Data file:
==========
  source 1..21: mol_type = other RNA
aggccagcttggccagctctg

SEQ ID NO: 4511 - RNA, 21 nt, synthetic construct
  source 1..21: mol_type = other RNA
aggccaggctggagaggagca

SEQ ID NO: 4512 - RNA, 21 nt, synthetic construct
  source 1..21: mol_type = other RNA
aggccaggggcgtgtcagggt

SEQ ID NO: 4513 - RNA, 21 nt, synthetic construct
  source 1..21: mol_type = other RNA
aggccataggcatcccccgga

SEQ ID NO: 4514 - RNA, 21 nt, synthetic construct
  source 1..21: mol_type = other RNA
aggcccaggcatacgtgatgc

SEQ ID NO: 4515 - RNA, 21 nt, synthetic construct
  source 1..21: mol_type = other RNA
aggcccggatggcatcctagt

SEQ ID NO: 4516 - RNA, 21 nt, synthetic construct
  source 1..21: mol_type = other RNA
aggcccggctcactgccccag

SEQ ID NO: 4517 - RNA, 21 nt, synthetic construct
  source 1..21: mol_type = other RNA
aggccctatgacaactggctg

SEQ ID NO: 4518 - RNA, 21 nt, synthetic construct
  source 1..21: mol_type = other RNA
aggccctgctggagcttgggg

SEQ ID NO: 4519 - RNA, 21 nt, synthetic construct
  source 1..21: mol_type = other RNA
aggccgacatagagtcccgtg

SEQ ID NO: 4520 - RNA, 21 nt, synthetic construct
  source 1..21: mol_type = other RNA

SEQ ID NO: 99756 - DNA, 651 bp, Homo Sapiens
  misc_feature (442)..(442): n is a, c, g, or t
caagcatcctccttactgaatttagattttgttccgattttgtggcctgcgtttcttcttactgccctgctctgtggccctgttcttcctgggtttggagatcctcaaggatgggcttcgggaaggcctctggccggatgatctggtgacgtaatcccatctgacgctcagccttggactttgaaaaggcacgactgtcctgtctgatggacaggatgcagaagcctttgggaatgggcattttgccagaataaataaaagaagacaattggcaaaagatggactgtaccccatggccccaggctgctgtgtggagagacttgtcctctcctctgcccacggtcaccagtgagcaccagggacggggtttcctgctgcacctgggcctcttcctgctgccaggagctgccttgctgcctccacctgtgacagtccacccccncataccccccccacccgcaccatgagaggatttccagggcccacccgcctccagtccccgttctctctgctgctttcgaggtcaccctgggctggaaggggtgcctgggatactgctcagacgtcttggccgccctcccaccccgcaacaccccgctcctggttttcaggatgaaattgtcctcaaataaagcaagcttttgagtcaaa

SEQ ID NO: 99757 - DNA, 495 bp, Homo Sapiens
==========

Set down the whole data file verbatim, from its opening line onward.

  source 1..21: mol_type = other RNA
aggccagcttggccagctctg

SEQ ID NO: 4511 - RNA, 21 nt, synthetic construct
  source 1..21: mol_type = other RNA
aggccaggctggagaggagca

SEQ ID NO: 4512 - RNA, 21 nt, synthetic construct
  source 1..21: mol_type = other RNA
aggccaggggcgtgtcagggt

SEQ ID NO: 4513 - RNA, 21 nt, synthetic construct
  source 1..21: mol_type = other RNA
aggccataggcatcccccgga

SEQ ID NO: 4514 - RNA, 21 nt, synthetic construct
  source 1..21: mol_type = other RNA
aggcccaggcatacgtgatgc

SEQ ID NO: 4515 - RNA, 21 nt, synthetic construct
  source 1..21: mol_type = other RNA
aggcccggatggcatcctagt

SEQ ID NO: 4516 - RNA, 21 nt, synthetic construct
  source 1..21: mol_type = other RNA
aggcccggctcactgccccag

SEQ ID NO: 4517 - RNA, 21 nt, synthetic construct
  source 1..21: mol_type = other RNA
aggccctatgacaactggctg

SEQ ID NO: 4518 - RNA, 21 nt, synthetic construct
  source 1..21: mol_type = other RNA
aggccctgctggagcttgggg

SEQ ID NO: 4519 - RNA, 21 nt, synthetic construct
  source 1..21: mol_type = other RNA
aggccgacatagagtcccgtg

SEQ ID NO: 4520 - RNA, 21 nt, synthetic construct
  source 1..21: mol_type = other RNA

SEQ ID NO: 99756 - DNA, 651 bp, Homo Sapiens
  misc_feature (442)..(442): n is a, c, g, or t
caagcatcctccttactgaatttagattttgttccgattttgtggcctgcgtttcttcttactgccctgctctgtggccctgttcttcctgggtttggagatcctcaaggatgggcttcgggaaggcctctggccggatgatctggtgacgtaatcccatctgacgctcagccttggactttgaaaaggcacgactgtcctgtctgatggacaggatgcagaagcctttgggaatgggcattttgccagaataaataaaagaagacaattggcaaaagatggactgtaccccatggccccaggctgctgtgtggagagacttgtcctctcctctgcccacggtcaccagtgagcaccagggacggggtttcctgctgcacctgggcctcttcctgctgccaggagctgccttgctgcctccacctgtgacagtccacccccncataccccccccacccgcaccatgagaggatttccagggcccacccgcctccagtccccgttctctctgctgctttcgaggtcaccctgggctggaaggggtgcctgggatactgctcagacgtcttggccgccctcccaccccgcaacaccccgctcctggttttcaggatgaaattgtcctcaaataaagcaagcttttgagtcaaa

SEQ ID NO: 99757 - DNA, 495 bp, Homo Sapiens